Spare Change: my soundtrack to 2007

(Spare change refers to the fact that most of these songs are from albums I picked up for under $3, but also the theme of a broader type of change, and how I've engaged with it more deeply this year. If you want a copy, email me your address.)

It’s been quite a year – visits from John Dear, Jarrod and Harry from Peace Tree, and Ciaron O’Reilly have inspired and moved me beyond talk of nonviolence to action. The central event of peace games in the midst of war games at Talisman Sabre continues to be a formative experience as we go through the court process into 2008. But most of all this year I’ve learnt to value my family and my mobs: Julie and the girls especially, but also inspiral, Urban Seed and Brunswick Baptist.

1. Something Beautiful – Sinead O’Connor
I picked this up for $3 at a primary school fete. It was an advanced copy of her new album Theology, in which she basically appropriates a bunch of Psalms and sings them out of her own experience. Now I’m not much one for worship songs, but this one captures it pretty much perfectly – not just the usual ‘divine ego-boosting’, but an acknowledgement of our own brokenness, and lament for the brokenness of the world, and the final cry of “Who’ll dress their wounds?” which becomes the exhortation to be “something beautiful”. It’s Sinead’s response to the events following 9/11 and you can’t help but hear the heartbreaking agony when she sings the outro.

I wanna make
Something beautiful
For you and from you
To show you
To show you
I adore you…

They dress the wounds of my poor people
As though they're nothing
Saying "peace, peace"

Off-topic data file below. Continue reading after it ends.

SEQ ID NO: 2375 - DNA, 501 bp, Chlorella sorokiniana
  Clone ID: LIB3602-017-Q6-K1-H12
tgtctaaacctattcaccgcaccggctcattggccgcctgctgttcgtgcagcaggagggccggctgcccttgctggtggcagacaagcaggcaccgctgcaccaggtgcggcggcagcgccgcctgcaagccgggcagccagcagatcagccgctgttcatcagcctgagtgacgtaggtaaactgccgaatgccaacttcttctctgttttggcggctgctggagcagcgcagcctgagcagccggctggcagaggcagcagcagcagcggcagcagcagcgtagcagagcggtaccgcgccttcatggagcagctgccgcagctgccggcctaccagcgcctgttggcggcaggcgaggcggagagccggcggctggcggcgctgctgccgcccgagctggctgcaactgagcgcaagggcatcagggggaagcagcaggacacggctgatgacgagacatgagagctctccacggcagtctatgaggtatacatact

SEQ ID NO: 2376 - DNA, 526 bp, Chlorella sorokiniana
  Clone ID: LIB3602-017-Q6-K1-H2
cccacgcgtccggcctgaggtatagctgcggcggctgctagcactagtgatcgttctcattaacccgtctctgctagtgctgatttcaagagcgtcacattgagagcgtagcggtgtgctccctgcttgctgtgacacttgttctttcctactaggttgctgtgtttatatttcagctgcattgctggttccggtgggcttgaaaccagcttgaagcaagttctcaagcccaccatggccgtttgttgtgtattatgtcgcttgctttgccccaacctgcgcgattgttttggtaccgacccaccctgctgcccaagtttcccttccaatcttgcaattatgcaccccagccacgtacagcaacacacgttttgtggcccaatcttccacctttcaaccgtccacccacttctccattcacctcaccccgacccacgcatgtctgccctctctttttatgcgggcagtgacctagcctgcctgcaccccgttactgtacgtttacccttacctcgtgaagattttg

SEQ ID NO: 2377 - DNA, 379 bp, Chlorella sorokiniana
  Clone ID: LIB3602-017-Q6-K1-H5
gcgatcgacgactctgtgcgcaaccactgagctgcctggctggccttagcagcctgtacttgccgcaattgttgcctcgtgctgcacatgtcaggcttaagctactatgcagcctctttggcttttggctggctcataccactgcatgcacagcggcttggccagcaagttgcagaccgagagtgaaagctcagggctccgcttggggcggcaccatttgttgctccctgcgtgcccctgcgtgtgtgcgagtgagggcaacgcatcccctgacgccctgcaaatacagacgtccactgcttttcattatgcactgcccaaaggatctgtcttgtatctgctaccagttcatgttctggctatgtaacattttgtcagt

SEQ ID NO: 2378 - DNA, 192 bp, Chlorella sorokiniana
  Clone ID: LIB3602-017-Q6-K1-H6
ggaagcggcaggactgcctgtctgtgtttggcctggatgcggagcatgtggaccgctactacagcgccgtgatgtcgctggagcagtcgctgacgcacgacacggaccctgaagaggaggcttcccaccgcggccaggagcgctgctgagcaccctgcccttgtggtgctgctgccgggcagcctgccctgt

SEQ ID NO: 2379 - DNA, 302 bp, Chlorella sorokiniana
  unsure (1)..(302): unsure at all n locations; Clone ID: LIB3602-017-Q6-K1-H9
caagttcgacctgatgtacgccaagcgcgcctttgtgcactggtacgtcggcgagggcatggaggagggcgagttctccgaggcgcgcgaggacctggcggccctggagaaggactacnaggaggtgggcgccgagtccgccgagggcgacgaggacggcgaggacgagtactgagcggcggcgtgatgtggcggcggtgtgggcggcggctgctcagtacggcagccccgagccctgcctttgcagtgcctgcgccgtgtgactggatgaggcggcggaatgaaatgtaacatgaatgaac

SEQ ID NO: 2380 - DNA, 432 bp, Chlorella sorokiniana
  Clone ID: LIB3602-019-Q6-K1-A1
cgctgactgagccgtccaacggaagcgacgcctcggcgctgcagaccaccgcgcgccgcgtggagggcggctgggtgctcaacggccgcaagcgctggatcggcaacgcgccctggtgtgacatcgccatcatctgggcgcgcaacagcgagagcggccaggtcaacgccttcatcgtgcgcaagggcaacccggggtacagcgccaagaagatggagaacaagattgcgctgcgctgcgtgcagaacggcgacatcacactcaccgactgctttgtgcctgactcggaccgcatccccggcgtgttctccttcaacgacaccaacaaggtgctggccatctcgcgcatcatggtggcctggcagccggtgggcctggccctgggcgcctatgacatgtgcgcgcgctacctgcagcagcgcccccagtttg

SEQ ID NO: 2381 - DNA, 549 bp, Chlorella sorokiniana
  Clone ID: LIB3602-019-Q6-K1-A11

When there's no peace

And in their want
Who'll dress their wounds?…

2. The Tallest Man, the Broadest Shoulders Pt 1 – The Great Frontier Pt II: Come To Me With Only Playthings Now – Sufjan Stevens
I’d been hearing about Sufjan Stevens and Illinoise since 2005 when Thom Morgan was banging on about him, but I managed to hold out on hearing him until this year. The first time I heard this song was when I sat down on the plane to return to Yeppoon for our first court appearance, and I fell in love with it immediately. Partly because it’s unlike anything I’d heard before – the arrangements are so delightfully lush, and it’s more like soundtrack music than just your average pop song.

I count the days the Great Frontier
Forgiving, faced the seventh year
I stand in awe of gratefulness
I can and call forgetfulness

And when I, and when I call
The Patient, the Patient fall
The Spirit, the Carpenter
Invites us to be with her

3. The Hard Road (Restrung) – Hilltop Hoods with Adelaide Symphony Orchestra
When I take kids on an Urban Seed walk, we always finish up with a reflection on the time, with a slide show set to a groovy, contemporary (but relevant) song. For years, it’s been Joel Turner’s These Kids, until this year began and we all said that if we heard These Kids once more, we’d have to do something rather unpleasant to Joel Turner (and most of his Modern Day Poets). So we found another song. And now, after a whole year of it, I’d like to do something unpleasant to the Hilltop Hoods.

Bail me out, a failure out once again,
Next weekend, bail me out, drunk again,
And I never will forgive myself,
For putting you through all that hell,
I went from high school dropout to factory labourer,
Slave to the clock until four, went from sleeping on the floor,
To being out on tour, now no stopping me,
I’ll finish with a bang like Kurt Cobains biography.

Going down the hard road, down the hard road,
Don’t know where I’ve been, and don’t know where to go its like,
Going down the hard road, down the hard road,
Don’t know where I’ve been.

4. Cowboys – Counting Crows